Once it had rebooted, I had a nice complete set of /usr/share/terminfo and emacs was happy once more. I made a backup and then checked Xcode. Xcode was still installed in the Applications folder but when I started it, it went through the same ‘first time’ operations as it had the first time. When I looked at the Preferences -> Downloads the 2 iPhone simulator add ons that I had installed the first time were still installed. But the Command Line Tools showed they were not. I reinstalled them and then checked my term info by trying to run emacs again. Nope, same error message about my terminfo database. So clearly the root of the problem is with installing the Xcode command line tools. I untarred my backup terminfo directory and replaced the broken one with the original information from my clean install.


I already had some stuff installed in /usr/local. I don’t think I want most of it, but was concerned that just removing the directory contents would not cleanly uninstall everything. So for my first attempt, I followed the install instructions and ran the install script as:

    /usr/bin/ruby -e "$(/usr/bin/curl -fsSL"

Once that had run, it told me to run “brew doctor”. That gave me a lot of warnings about the things that were already installed. So I decided to remove things that were installed by homebrew (.gitignore, Cellar, Library,, tarred up the rest, and cleared everything out of /usr/local. This time after I installed homebrew and ran “brew doctor” I got “system is raring to brew”.

So how do I figure out what formulas are available? One option is from the command line: brew search mysql. That will list all available formulas that have mysql in their name. Another option is searching on

To find out what I have installed, I can look in /usr/local/Cellar/. To find out what version of a package is currently active, I can look at the symlinks in the bin or lib directories. Or I can use the command line: brew list wget; that will list all the files associated with that package.

I may want to override some system packages with ones of my own, so in my .profile, I added /usr/local/bin into path before /usr/bin.


Lion has SQLite3 and Postgresql 9 already installed, but I don’t see any sign of MySQL so I installed MySQL 5.5 from brew. After installing, I get a bunch of instructions about creating databases and starting when I boot/login. So first of all, I need to install the main database:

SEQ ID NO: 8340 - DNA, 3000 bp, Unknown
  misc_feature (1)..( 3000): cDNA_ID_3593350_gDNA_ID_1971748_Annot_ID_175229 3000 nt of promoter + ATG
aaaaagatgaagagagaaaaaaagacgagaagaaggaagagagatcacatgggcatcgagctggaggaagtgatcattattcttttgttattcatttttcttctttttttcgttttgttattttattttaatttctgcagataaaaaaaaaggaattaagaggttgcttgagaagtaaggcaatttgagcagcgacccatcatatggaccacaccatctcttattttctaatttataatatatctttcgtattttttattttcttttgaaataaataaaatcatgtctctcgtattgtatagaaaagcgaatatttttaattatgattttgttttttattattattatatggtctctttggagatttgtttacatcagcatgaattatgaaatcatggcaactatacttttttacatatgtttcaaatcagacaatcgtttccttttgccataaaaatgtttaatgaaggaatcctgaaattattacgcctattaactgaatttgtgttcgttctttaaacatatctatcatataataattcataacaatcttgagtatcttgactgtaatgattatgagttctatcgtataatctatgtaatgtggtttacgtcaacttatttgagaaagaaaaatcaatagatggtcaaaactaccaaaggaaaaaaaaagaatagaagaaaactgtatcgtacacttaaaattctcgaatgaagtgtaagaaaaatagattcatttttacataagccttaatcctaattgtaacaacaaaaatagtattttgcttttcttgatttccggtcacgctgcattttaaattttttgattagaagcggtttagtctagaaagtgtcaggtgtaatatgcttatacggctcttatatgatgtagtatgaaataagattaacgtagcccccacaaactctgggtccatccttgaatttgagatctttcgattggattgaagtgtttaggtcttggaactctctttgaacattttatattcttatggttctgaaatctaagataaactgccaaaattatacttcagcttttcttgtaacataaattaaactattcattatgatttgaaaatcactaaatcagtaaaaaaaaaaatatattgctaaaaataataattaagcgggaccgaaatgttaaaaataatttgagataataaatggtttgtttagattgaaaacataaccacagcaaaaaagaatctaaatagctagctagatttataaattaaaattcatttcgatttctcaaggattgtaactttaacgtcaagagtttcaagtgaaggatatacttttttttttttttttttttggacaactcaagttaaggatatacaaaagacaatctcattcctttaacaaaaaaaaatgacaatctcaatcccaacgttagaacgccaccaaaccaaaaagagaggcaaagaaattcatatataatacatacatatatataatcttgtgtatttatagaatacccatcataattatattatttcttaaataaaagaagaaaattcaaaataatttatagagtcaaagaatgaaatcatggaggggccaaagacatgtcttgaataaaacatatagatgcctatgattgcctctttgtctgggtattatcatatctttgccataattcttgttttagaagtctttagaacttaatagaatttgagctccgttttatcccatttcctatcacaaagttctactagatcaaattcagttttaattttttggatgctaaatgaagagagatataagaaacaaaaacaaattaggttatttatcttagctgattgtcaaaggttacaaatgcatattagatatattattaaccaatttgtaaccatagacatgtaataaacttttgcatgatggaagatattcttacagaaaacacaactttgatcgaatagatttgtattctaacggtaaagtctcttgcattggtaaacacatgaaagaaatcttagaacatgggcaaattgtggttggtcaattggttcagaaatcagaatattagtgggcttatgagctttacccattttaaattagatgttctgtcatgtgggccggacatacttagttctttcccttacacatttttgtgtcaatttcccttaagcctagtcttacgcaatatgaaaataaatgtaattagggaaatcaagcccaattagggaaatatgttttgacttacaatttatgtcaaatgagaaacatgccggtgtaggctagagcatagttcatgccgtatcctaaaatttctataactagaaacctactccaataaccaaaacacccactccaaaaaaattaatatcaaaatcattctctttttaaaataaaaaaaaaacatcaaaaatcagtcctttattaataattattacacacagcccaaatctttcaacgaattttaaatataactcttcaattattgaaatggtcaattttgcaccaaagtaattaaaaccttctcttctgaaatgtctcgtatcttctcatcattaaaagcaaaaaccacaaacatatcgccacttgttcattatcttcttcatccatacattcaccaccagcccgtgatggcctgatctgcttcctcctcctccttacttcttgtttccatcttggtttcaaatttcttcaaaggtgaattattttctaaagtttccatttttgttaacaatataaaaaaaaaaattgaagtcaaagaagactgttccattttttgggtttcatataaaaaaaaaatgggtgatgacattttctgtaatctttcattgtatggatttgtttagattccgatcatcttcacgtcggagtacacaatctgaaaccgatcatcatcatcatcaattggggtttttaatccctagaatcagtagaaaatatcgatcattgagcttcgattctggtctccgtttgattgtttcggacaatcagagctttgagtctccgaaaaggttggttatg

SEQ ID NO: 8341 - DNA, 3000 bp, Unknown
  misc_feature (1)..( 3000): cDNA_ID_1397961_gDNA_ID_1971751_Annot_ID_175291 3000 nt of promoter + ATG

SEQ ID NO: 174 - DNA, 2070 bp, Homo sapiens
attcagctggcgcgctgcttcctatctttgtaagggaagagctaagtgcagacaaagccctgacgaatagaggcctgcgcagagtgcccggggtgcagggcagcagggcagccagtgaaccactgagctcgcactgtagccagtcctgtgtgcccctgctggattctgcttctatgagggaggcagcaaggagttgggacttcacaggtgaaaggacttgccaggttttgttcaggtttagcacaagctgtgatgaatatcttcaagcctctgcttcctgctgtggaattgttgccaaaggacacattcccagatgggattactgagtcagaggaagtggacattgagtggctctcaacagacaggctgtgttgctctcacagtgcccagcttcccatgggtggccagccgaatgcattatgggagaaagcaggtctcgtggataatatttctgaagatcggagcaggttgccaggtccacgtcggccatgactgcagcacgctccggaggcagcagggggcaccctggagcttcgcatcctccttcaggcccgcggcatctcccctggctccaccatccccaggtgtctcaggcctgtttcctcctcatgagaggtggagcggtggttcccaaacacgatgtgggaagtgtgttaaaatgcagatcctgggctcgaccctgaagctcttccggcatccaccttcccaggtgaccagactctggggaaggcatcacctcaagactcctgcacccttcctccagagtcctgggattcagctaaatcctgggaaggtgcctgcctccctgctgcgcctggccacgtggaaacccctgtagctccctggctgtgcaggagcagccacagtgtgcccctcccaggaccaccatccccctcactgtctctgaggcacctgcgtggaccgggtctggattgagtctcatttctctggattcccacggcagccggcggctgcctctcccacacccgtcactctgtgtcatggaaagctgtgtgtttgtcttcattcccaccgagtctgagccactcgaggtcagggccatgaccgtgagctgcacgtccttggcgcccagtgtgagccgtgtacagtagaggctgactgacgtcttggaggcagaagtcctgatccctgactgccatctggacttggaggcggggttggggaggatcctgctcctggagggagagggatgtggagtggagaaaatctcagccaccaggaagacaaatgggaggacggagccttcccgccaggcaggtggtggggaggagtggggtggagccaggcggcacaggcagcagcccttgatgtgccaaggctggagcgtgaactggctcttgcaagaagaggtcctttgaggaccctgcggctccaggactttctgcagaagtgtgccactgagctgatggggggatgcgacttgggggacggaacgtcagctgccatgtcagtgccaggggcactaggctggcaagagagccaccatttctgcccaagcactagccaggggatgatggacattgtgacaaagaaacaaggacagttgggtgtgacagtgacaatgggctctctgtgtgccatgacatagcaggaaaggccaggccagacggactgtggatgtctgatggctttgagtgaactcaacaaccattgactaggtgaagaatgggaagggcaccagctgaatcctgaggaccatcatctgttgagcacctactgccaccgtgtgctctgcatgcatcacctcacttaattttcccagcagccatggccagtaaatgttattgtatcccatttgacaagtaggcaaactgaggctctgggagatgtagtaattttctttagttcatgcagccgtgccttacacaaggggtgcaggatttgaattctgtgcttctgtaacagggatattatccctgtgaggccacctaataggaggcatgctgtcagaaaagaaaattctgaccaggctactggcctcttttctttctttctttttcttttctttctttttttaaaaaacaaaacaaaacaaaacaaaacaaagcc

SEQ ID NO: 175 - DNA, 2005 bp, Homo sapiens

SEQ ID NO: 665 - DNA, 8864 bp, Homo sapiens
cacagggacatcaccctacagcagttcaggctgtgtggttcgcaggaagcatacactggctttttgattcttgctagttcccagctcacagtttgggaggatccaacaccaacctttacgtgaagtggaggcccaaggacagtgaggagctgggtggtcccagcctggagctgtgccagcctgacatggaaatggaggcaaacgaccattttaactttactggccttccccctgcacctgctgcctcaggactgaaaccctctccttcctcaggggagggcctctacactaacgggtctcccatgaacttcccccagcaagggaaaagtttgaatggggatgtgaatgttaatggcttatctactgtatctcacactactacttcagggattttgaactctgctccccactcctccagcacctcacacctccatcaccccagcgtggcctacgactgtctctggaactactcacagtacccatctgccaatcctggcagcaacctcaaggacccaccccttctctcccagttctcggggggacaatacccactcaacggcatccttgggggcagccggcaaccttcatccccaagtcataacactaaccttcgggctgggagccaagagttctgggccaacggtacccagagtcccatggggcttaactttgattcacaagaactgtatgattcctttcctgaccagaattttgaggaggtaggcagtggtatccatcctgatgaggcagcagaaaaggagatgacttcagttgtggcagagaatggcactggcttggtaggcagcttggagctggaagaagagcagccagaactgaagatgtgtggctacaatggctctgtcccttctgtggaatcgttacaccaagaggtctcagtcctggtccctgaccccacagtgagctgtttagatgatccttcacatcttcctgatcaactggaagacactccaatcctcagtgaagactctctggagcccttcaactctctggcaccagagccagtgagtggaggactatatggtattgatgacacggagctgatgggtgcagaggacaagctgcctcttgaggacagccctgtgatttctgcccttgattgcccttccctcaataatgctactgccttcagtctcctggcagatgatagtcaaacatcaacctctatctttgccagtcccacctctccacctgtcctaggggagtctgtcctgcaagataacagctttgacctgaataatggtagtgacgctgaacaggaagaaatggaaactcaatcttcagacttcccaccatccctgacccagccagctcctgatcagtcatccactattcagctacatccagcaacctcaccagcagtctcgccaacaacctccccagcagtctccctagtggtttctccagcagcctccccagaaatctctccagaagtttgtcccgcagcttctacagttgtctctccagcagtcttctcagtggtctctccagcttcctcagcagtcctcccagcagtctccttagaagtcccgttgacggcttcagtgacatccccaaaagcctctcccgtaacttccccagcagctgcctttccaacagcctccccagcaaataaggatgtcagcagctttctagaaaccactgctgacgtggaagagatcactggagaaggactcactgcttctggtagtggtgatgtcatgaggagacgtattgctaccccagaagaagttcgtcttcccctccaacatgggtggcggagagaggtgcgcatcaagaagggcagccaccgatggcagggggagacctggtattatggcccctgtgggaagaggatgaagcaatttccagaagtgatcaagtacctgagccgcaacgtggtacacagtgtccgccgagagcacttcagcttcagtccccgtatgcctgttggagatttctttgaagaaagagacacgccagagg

mysql_install_db --verbose --user=`whoami` --basedir="$(brew --prefix mysql)" \
                     --datadir=/usr/local/var/mysql --tmpdir=/tmp

The output from mysql_install_db gave me the familiar “be sure to set a root password” warning. It is less clear that you have to start mysql.server first and then use the mysql_secure_installation script.

    mysql.server start
    # I set a root password, disabled remote root access,
    # and got rid of the test databases and access

To make the mysql server run when I log in, I followed the instructions that homebrew gave me upon install:

    cp /usr/local/Cellar/mysql/5.5.25/homebrew.mxcl.mysql.plist ~/Library/LaunchAgents/
    launchctl load -w ~/Library/LaunchAgents/homebrew.mxcl.mysql.plist


Lion comes with Ruby 1.8.7 installed and the gems from my previous Mac appear to have transferred. But for more recent rubies, I’ll want to use RVM. I had installed RVM on my previous Mac but haven’t really used it, so I think I’ll start over. First I removed the old RVM with “rvm implode”. Then I followed instructions at

    curl -L | bash -s stable --ruby

This installed ruby 1.9.2-p194, gem, bundler, rvm, and rake. Then to do a basic rails install:

    rvm gemset create rails-3-2-6
    rvm gem set use rials-3-2-6
    gem install rails mysql pg sqlite3